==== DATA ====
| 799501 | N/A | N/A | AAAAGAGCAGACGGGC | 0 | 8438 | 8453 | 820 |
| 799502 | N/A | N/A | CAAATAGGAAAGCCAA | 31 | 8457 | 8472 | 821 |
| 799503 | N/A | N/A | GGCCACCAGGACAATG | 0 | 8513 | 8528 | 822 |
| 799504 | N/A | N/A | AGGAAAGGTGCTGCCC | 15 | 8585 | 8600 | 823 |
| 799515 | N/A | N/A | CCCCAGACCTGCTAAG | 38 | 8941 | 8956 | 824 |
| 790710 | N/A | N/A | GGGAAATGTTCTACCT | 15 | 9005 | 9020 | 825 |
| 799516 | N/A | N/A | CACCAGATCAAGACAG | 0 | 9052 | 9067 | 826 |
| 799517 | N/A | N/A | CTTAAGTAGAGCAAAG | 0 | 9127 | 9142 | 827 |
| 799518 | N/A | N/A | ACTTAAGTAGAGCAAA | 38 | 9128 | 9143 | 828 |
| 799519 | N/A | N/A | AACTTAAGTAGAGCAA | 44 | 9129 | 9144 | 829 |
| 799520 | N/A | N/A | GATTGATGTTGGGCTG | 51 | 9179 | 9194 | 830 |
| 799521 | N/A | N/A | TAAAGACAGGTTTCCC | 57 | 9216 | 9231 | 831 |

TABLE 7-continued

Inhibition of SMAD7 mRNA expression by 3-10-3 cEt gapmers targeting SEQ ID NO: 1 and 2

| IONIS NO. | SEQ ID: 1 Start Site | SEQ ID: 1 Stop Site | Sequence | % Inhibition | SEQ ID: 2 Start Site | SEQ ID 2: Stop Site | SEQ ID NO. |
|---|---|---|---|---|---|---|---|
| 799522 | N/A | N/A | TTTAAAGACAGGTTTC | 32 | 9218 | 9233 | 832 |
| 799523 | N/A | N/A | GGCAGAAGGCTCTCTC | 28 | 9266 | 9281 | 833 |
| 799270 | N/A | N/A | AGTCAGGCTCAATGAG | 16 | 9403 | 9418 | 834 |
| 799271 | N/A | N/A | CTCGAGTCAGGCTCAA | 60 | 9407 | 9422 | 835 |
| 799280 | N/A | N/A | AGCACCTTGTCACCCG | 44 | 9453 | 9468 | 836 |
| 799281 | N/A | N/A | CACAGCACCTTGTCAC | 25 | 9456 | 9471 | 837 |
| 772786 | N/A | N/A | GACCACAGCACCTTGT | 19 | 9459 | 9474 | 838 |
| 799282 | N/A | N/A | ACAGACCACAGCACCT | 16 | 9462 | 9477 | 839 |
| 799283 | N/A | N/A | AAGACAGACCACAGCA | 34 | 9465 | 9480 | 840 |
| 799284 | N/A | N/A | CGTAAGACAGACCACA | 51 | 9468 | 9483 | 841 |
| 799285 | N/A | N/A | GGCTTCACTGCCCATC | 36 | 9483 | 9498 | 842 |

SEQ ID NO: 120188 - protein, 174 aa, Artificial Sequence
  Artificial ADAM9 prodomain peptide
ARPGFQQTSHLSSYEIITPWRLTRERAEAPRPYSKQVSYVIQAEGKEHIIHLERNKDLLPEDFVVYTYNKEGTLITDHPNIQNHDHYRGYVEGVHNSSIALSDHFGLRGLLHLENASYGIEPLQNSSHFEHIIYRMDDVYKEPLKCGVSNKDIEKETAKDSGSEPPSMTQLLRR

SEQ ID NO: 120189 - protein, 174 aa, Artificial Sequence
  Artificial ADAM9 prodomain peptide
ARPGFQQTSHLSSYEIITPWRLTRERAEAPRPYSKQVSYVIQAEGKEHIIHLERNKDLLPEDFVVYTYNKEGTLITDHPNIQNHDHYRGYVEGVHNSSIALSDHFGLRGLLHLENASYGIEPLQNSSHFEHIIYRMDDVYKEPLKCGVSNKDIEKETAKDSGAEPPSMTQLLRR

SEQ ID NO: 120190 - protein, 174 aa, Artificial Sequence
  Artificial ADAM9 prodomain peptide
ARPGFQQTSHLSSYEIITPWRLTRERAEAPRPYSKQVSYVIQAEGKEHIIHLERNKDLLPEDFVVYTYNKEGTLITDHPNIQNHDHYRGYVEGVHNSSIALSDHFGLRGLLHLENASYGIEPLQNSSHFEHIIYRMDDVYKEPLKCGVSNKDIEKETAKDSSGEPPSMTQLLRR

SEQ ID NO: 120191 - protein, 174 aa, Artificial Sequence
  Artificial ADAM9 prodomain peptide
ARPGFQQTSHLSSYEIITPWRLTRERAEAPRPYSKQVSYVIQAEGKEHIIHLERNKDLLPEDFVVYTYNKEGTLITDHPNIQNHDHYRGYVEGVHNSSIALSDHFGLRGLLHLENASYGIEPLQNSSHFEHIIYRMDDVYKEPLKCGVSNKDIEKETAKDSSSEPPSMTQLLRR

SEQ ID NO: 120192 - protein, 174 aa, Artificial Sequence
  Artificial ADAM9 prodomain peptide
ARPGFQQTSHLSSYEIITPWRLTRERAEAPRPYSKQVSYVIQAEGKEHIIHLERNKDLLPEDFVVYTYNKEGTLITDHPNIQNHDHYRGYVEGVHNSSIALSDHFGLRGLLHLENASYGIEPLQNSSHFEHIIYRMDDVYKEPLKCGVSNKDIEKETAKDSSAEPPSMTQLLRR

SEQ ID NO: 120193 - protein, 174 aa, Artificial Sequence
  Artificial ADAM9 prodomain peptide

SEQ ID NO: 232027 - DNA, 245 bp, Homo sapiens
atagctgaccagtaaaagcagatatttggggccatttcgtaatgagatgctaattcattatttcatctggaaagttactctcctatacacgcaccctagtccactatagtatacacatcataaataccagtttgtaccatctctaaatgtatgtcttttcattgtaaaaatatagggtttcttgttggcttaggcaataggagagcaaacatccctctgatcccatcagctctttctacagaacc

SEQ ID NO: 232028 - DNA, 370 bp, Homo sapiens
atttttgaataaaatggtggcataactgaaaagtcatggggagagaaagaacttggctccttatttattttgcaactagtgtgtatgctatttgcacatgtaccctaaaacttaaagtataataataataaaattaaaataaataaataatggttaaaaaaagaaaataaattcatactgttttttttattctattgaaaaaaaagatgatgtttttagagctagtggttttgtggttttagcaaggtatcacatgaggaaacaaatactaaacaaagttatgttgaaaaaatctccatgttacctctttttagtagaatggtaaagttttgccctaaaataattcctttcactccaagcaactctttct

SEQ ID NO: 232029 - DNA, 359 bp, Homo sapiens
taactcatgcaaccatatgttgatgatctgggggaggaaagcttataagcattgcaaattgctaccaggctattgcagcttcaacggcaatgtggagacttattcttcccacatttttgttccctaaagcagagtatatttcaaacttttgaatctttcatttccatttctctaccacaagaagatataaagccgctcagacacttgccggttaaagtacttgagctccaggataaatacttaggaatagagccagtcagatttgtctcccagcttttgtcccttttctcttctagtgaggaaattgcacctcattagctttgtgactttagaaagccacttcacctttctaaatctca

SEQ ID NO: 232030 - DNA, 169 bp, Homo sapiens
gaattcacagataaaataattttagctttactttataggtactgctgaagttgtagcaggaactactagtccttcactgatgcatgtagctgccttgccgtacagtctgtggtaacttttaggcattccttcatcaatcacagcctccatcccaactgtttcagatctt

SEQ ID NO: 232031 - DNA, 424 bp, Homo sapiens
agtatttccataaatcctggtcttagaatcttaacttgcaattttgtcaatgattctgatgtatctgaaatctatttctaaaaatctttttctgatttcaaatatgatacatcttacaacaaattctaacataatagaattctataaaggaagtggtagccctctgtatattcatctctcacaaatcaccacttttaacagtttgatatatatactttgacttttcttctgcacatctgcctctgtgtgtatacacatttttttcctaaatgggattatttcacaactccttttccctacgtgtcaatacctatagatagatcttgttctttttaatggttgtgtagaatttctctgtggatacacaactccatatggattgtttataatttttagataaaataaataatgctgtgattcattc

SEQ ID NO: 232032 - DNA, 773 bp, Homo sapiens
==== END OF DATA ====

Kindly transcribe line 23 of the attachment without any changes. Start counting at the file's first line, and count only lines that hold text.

| 772786 | N/A | N/A | GACCACAGCACCTTGT | 19 | 9459 | 9474 | 838 |